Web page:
They are giving away a total of 50 units: two bundles that come with their SMA RTL-SDR and Ham-It-Up Upconverter, one bundle with a Raspberry Pi and RTL-SDR dongle, three double pack RTL-SDR + antenna bundles, ten double packs of RTL-SDR dongles, ten RTL-SDR + antenna sets, and ten sets of just the RTL-SDR dongle itself.

The NooElec SMART is NooElec’s latest RTL-SDR variant which like ours comes with an SMA coax plug and metal enclosure.

NooElec SMArt giveaway on amateurradio.com
NooElec SMArt giveaway on amateurradio.com

RTLSDR4Everyone: Review of the Nooelec SMArt SDR, Direct Sampling and Generic vs Premium Dongles

RTL-SDR enthusiast and blogger Akos has recently uploaded three new articles. In his first article he discusses what he believes is the differences and advantages of Generic vs Premium branded RTL-SDR dongles.

In his second article he shows how easy it can be to perform the direct sampling mod on newer dongles, as most have the direct sampling break out pads. He shows how it can be as easy as sticking a wire into these holes. Please note that if doing this we would caution you to take decent ESD precautions as these pins are not ESD protected.

In the third article he reviews the recently release Nooelec SMArt dongle. The SMArt is a new RTL-SDR variant which comes in a smaller black case, cooling via thermal pads and with an SMA connector. With these modifications it is very similar to our RTL-SDR.com units, however the one advantage of the SMArt is that it is small enough to fit two side by side on closely spaced USB ports, like on the Raspberry Pi. In the post he shows what is inside the SMArt and discusses various points such as heat generated, included antennas and performance.

Inside the new Nooelec SMArt RTL-SDR dongle.
Inside the new Nooelec SMArt RTL-SDR dongle.

New Products from Nooelec: Cheaper E4000 Dongles and a 9:1 Balun

The online store Nooelec has recently started selling two new RTL-SDR related products.

The first product is a lower cost RTL-SDR dongle with the E4000 tuner (ebay). The E4000 tuner was one of the original tuner chips used in RTL-SDR dongles when they were first discovered. Unfortunately Elonics, the company that owned the rights to the chip went under and the production of E4000 chips stopped, making them rare and expensive. The E4000 tuner has a tuning range of approximately 55 MHz – 2300 MHz, compared to the R820T tuner which has a range of around 24 – 1766 MHz. The cheaper R820T is better in most cases, but if you need the higher frequencies the E4000 may be an option. The new E4000 dongle is currently selling for around $50 USD, compared to the other E4000 models which went for around $100 USD.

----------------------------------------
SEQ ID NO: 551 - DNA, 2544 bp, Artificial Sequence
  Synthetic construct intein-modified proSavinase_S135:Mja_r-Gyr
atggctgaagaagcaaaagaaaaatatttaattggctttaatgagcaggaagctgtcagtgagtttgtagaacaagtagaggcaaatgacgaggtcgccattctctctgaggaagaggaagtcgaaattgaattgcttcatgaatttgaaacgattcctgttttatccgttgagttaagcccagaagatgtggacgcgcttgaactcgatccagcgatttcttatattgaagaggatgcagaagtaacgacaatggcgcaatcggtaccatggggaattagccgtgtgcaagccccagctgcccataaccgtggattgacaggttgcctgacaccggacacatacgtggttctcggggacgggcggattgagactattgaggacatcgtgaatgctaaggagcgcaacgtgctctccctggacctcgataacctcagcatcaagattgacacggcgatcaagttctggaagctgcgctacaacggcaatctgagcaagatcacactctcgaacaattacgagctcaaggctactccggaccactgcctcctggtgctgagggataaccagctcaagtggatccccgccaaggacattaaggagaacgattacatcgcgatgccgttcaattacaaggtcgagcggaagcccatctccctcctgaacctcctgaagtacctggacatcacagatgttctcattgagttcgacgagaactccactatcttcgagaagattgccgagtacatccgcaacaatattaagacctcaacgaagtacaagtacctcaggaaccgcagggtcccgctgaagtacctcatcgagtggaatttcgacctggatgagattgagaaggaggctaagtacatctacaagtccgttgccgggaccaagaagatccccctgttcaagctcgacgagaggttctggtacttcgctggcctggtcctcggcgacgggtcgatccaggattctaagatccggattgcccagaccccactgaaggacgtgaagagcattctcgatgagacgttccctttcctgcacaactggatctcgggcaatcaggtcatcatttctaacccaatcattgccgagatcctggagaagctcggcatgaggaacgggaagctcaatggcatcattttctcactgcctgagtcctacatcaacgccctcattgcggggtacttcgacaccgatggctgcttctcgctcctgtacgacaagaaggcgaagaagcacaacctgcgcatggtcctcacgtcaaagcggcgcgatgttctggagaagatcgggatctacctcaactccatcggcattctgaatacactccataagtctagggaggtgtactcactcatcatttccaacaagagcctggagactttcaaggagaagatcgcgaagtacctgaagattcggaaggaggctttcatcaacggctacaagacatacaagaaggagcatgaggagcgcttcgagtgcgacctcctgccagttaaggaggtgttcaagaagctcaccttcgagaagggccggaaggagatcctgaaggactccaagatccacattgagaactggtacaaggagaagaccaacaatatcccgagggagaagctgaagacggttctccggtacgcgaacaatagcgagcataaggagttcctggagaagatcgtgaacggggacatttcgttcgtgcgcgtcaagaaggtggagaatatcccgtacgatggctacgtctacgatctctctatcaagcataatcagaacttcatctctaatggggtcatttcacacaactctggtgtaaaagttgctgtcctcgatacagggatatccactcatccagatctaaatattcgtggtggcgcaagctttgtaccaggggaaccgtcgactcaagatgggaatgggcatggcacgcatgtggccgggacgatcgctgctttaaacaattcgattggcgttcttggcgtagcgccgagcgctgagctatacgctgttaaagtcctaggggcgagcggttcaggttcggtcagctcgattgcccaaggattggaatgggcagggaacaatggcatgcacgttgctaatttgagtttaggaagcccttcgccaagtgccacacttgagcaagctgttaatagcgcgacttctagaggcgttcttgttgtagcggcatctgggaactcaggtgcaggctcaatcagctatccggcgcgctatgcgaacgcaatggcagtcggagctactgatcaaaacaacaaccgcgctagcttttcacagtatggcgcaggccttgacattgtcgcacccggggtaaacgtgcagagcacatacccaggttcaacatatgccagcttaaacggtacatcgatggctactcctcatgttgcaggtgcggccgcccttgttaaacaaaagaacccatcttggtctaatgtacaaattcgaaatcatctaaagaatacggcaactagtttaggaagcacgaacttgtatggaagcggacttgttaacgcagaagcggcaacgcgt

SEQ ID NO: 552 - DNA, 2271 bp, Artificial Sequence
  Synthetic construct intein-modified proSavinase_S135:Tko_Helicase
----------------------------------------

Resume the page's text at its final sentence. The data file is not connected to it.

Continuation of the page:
E4000 Dongle from Nooelec
E4000 Dongle from Nooelec

They have also begun selling a low cost 9:1 balun for about $10 USD (ebay) which can be used with a long wire (or random wire) antenna when receiving HF on the RTL-SDR with an upconverter. The impedance of a long wire antenna is approximately 450 Ohms (very approximate, impedance varies with frequency and length). A 9:1 balun allows a match with a 50 Ohm receiver, which is close enough to the 75 Ohm input of the RTL-SDR.

Nooelec 9:1 Balun
Nooelec 9:1 Balun

Amateurradio.com RTL-SDR Giveaway

The guys at the AmateurRadio.com blog have teamed up with Nooelec to bring everyone a worldwide competition giveaway of 20 RTL-SDR prizes. The top prizes include the rare E4000 chip tuners, ham-it-up upconverters, adapters and aluminium enclosures while the regular prizes include an R820T2 RTL-SDR set.

To enter the competition all you need to do is leave a comment on their competition post. The competition is open for one week from 11 December 2014 to 18 December 2014. The complete list of prizes are quoted below.

Three (3)
Complete NESDR XTR HF SDR packages including:
NESDR XTR SDR Set (E4000 chip)
Ham It Up upconverter
Upconverter Enclosure (silver)
Male MCX to male SMA pigtail (SDR cable)
Male SMA to female BNC adapter (antenna adapter)
Estimated $129.95 value

Five (5)
Complete NESDR Mini 2 HF packages including:
NESDR Mini 2 SDR set
Ham It Up upconverter
NESDR Mini 2 enclosure (silver)
Upconverter enclosure (silver)
Male MCX to male SMA pigtail (SDR cable)
Male SMA to female BNC adapter (antenna adapter)
$111.95 value

Twelve (12)
NESDR Mini 2 SDR sets
$25.95 value

AmateurRadio.com and NooElec Giveaway
AmateurRadio.com and NooElec Giveaway

Nooelec RTL-SDR Giveaway on AmateurRadio.com

AmateurRadio.com has teamed up with Nooelec.com to give away RTL-SDR packages to 10 hams. To be eligible to enter the competition, you must be a registered amateur radio operator, and you must comment on the competition page. The prizes are

Two (2)
Complete HF sets including:
NESDR Mini receiver
Ham It Up upconverter
SMA to MCX cable
SMA to BNC adapter
SMA to PL259 adapter
SMA to F adapter

Two (2)
Complete Touch SDR sets including:
NESDR Nano receiver
SDR Touch license (for Android tablets)
USB OTG micro & mini cables

Three (3)
NESDR Mini receivers

Three (3)
NESDR Nano receivers

The competition runs until the 11th of December.

Nooelec AmateurRadio.com Giveaway Prize
Nooelec AmateurRadio.com Giveaway Prize